But passing a bike doesn’t have to be to be a serious ordeal. It isn’t an incredibly difficult skill once you know the laws, etiquette and general safety recommendations for all motorists, drivers, and cyclists. Below are a few tips on how to safely pass a cyclist and some answers to some of the questions you might ask yourself while you are passing a cyclist. I hope, for the sake of human life, that you take these suggestions into consideration.
Safety Recommendations and Laws Concerning the Overtaking and Passing of a Cyclist.
1) If you don’t have at minimum a 3 ft. separation between ANY part of your car and the cyclist, it is illegal to pass the cyclist. If you have room to give more…give more, for the sake of the cyclist and the law.
• According to Georgia law 40-6-46 you must pass a cyclist giving them a “safe distance”, defined as no less than 3 feet. Road bike tires are smaller than the width of your index and middle finger. If you hit anything too much bigger than that there could be problems. While riding, cyclist will avoid rocks, gravel, sticks, pine cones and pot holes to keep from crashing. Giving us 3 feet allows for just enough room to make these quick adjustments when we come upon objects in the road.
2) Don’t pass on a corner or turn.
• Passing on a corner is a game of Russian roulette. Taking this risk can be dangerous for the cyclist, you and any oncoming car. Wait until you are around or can see around the turn before you pass a cyclist. If everything is clear, give them 3 feet and pass.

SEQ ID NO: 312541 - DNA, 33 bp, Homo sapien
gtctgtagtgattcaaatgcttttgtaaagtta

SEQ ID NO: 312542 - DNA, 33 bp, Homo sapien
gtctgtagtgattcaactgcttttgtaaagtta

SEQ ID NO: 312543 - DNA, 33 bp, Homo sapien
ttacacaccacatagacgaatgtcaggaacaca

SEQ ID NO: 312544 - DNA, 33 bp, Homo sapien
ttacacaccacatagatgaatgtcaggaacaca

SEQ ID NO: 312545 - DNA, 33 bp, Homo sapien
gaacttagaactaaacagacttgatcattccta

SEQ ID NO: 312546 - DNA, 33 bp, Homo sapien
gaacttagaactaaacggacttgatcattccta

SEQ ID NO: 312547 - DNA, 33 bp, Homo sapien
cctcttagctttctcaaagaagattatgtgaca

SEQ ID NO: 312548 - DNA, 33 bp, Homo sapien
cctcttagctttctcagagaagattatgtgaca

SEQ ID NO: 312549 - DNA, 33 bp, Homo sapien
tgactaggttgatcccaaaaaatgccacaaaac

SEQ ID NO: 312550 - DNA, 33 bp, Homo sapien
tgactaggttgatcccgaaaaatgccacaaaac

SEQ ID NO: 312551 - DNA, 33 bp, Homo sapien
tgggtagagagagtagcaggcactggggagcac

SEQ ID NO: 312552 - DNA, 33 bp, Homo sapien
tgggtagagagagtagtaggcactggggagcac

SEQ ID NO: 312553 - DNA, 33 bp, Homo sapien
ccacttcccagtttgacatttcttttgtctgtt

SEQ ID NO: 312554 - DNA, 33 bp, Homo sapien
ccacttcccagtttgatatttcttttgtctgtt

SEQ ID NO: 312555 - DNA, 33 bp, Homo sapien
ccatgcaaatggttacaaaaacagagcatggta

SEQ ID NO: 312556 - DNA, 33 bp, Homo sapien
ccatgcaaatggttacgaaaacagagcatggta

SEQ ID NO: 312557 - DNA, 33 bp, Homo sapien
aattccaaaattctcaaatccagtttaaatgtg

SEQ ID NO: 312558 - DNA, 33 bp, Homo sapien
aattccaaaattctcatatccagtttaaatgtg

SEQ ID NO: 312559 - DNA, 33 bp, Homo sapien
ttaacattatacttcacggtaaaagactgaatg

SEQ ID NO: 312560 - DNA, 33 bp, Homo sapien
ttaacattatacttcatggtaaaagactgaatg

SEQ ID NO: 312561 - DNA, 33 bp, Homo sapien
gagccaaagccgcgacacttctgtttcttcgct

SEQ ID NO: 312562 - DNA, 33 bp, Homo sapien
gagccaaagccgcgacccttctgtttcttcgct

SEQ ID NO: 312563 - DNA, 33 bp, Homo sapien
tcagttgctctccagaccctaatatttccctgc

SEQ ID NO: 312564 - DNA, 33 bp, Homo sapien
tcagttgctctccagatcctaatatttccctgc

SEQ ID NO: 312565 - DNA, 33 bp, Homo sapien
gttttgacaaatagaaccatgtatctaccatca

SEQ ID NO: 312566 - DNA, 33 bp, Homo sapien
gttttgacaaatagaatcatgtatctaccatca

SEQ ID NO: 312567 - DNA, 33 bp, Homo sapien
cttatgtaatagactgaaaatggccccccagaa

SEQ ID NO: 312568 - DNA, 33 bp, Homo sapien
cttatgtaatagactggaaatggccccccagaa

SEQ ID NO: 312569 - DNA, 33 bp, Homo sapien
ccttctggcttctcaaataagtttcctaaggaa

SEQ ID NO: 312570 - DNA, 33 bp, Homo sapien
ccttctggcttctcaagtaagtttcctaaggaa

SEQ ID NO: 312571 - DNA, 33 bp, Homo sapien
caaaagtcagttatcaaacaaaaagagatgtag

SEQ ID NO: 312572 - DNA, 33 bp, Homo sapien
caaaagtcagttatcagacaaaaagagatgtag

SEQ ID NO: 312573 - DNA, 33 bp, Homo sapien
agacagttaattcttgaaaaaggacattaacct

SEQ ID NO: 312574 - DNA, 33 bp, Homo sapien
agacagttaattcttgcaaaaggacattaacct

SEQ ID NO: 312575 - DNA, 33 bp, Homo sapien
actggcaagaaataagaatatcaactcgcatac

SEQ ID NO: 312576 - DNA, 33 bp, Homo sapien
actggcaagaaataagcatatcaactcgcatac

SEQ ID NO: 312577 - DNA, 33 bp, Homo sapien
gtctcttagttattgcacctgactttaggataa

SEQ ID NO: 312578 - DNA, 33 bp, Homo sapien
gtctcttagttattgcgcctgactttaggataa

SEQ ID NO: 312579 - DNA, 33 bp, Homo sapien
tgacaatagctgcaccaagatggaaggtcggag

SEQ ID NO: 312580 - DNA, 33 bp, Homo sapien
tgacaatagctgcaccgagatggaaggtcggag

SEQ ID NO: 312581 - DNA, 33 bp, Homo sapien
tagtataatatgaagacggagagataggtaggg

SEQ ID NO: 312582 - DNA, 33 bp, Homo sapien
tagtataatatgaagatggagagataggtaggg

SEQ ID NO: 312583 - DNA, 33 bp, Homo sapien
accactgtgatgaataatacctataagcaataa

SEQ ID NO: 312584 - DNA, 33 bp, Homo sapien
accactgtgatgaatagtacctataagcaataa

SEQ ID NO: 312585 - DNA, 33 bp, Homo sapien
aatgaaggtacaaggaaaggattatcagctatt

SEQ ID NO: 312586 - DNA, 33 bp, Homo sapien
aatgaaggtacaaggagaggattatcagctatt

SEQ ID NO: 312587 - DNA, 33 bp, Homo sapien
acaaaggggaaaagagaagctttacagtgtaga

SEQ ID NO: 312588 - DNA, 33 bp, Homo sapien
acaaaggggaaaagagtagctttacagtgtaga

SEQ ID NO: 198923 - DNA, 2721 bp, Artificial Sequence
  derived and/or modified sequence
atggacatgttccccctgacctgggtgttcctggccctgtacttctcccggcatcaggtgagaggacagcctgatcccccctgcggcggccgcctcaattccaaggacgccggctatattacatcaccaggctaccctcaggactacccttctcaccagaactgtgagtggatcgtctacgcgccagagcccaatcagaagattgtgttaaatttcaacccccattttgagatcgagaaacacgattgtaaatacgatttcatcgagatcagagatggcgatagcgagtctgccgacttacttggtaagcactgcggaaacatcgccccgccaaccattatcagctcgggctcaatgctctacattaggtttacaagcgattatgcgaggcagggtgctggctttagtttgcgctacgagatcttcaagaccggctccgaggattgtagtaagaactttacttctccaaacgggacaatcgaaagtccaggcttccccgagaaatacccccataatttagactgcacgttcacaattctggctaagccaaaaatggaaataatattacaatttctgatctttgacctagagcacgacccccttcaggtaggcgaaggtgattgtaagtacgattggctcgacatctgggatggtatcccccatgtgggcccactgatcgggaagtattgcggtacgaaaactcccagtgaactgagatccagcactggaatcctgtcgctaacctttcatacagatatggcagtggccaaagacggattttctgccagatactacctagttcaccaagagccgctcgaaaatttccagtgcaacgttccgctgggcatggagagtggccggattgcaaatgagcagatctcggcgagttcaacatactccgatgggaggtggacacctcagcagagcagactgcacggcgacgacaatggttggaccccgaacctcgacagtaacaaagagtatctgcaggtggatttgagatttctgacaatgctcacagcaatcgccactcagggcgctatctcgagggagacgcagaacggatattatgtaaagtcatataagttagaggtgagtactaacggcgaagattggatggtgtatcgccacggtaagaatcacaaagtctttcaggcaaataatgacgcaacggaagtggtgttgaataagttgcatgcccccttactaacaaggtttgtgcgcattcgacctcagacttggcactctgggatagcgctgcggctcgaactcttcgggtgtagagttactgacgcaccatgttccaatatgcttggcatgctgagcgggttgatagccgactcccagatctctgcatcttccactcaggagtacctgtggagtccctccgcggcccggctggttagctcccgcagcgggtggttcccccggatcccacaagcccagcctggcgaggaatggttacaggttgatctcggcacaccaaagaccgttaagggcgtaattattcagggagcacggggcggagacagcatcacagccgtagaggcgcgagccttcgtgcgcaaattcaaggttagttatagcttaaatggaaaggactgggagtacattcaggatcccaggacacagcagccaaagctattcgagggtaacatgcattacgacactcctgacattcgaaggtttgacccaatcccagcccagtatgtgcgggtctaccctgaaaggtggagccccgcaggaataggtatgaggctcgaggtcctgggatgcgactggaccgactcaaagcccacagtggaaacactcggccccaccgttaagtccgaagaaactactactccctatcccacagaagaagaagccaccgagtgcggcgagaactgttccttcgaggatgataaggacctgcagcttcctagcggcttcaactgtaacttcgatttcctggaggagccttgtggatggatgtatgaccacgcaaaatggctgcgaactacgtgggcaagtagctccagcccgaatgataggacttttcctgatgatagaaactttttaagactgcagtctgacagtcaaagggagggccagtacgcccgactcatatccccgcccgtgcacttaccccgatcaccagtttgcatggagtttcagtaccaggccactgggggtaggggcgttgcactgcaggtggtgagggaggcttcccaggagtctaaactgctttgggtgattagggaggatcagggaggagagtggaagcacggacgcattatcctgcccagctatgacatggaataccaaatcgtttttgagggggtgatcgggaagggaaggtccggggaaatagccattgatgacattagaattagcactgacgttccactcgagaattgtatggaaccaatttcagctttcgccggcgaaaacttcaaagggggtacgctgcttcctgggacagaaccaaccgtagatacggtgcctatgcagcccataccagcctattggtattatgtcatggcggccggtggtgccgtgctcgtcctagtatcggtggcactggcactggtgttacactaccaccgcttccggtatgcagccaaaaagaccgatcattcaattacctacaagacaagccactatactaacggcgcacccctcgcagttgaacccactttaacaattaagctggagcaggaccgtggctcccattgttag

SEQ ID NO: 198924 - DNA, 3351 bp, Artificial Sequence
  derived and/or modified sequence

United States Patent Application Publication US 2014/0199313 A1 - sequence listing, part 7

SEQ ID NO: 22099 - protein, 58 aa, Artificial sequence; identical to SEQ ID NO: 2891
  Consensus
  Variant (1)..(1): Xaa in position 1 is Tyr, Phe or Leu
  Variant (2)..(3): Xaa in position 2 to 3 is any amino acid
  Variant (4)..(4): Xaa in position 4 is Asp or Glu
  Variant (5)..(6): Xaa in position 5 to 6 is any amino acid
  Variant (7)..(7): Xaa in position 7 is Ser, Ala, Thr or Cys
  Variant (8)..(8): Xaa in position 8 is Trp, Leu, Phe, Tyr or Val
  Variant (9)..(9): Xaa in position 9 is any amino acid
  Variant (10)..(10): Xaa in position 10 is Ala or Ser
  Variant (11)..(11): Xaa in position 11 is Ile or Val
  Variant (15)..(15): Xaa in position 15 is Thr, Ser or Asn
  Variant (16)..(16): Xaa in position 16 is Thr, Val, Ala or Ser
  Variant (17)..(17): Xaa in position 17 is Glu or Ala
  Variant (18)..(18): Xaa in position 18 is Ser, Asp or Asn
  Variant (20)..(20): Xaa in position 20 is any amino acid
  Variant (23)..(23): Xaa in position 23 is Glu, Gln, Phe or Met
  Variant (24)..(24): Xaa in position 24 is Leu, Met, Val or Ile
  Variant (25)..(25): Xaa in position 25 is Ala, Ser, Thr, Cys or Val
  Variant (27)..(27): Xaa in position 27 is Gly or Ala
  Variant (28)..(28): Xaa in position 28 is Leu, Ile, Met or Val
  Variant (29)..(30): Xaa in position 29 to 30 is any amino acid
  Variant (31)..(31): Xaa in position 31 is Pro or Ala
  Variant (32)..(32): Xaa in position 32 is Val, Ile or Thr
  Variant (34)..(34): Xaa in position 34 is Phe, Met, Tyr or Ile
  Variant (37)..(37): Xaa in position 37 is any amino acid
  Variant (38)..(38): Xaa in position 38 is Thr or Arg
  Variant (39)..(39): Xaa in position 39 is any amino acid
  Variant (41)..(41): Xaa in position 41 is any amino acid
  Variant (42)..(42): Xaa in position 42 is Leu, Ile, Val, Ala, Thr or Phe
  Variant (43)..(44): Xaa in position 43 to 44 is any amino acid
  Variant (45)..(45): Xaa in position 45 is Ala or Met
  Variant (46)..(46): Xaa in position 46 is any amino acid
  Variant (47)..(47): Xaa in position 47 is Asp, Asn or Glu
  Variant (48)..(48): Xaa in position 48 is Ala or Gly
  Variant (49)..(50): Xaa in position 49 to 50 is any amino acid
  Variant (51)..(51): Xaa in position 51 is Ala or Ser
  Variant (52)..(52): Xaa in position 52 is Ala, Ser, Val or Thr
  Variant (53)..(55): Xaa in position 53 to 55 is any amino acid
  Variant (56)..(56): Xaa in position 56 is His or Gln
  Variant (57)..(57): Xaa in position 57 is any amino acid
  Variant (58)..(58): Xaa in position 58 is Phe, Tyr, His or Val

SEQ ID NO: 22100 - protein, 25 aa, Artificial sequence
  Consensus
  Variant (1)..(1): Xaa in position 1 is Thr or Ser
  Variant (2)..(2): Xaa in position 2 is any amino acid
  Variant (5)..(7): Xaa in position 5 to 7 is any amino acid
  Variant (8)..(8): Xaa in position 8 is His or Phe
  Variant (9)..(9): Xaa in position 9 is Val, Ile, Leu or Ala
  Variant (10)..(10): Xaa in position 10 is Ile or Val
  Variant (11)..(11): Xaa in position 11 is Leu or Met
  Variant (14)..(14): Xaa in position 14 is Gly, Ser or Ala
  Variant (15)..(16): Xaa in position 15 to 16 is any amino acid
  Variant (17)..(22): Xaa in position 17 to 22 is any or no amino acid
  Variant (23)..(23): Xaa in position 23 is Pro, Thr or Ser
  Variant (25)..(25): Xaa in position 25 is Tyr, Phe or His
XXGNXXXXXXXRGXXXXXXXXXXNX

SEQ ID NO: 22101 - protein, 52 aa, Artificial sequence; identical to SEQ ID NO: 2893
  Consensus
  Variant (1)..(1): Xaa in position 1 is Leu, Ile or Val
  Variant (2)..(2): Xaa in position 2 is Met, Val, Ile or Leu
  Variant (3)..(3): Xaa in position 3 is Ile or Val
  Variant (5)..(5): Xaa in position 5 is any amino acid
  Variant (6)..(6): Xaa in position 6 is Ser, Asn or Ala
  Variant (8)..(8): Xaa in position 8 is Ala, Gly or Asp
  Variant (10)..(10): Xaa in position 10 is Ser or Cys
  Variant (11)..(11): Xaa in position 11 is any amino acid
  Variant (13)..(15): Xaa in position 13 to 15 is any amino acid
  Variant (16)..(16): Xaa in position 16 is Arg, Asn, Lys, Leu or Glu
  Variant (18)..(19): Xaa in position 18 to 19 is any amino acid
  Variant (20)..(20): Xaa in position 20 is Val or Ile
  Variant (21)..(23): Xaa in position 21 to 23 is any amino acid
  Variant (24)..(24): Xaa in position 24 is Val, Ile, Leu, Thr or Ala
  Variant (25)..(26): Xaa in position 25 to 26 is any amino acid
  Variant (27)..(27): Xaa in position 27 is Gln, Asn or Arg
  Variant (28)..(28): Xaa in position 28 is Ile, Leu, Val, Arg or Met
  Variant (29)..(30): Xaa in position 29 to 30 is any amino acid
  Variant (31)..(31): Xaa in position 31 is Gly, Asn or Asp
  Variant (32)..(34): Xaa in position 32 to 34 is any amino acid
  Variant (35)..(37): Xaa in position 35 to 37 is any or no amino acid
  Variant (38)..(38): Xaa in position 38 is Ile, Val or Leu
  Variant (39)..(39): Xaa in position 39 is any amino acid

3) Don’t pass on a hill.
• Just like passing on a turn, passing on a hill can be just as risky. Wait until you have crested the hill and can make sure there is no oncoming traffic. This will keep everyone safe.
4) Pay attention to the cyclist you are passing as well as the road ahead of them.
• It’s not just about paying attention to the cyclist but also being aware of what is going on around them. Is there a turn up ahead, does the bike lane end, fallen branches, potholes? Look ahead of the cyclist before you pass to make sure they aren’t going to have to make any abrupt moves while you are passing.
5) Don’t pass a cyclist then make an immediate turn (right or left).
• Cyclists can’t break as well as your car can. When they break quickly it can cause them to slide out, go off the road, or blow a tire. Passing a cyclist and turning only a short distance down the road will, more often than not, end in them slamming into your backend or side.
6) Cyclists are going faster than you think; don’t make the mistake of turning out in front of a cyclist.
• It can be hard to determine how fast a cyclist is going, and you might think you have time to turn. It’s better to be safe and wait for the cyclist to pass than risk pulling out.
7) Pass quickly, but not too quickly.
• There is no need to race by a cyclist. But slowly creeping by will merely allow more time for a mishap. Once you start the process of passing keep the forward momentum going. The longer your car is next to a rider the greater chance there is for something to go wrong.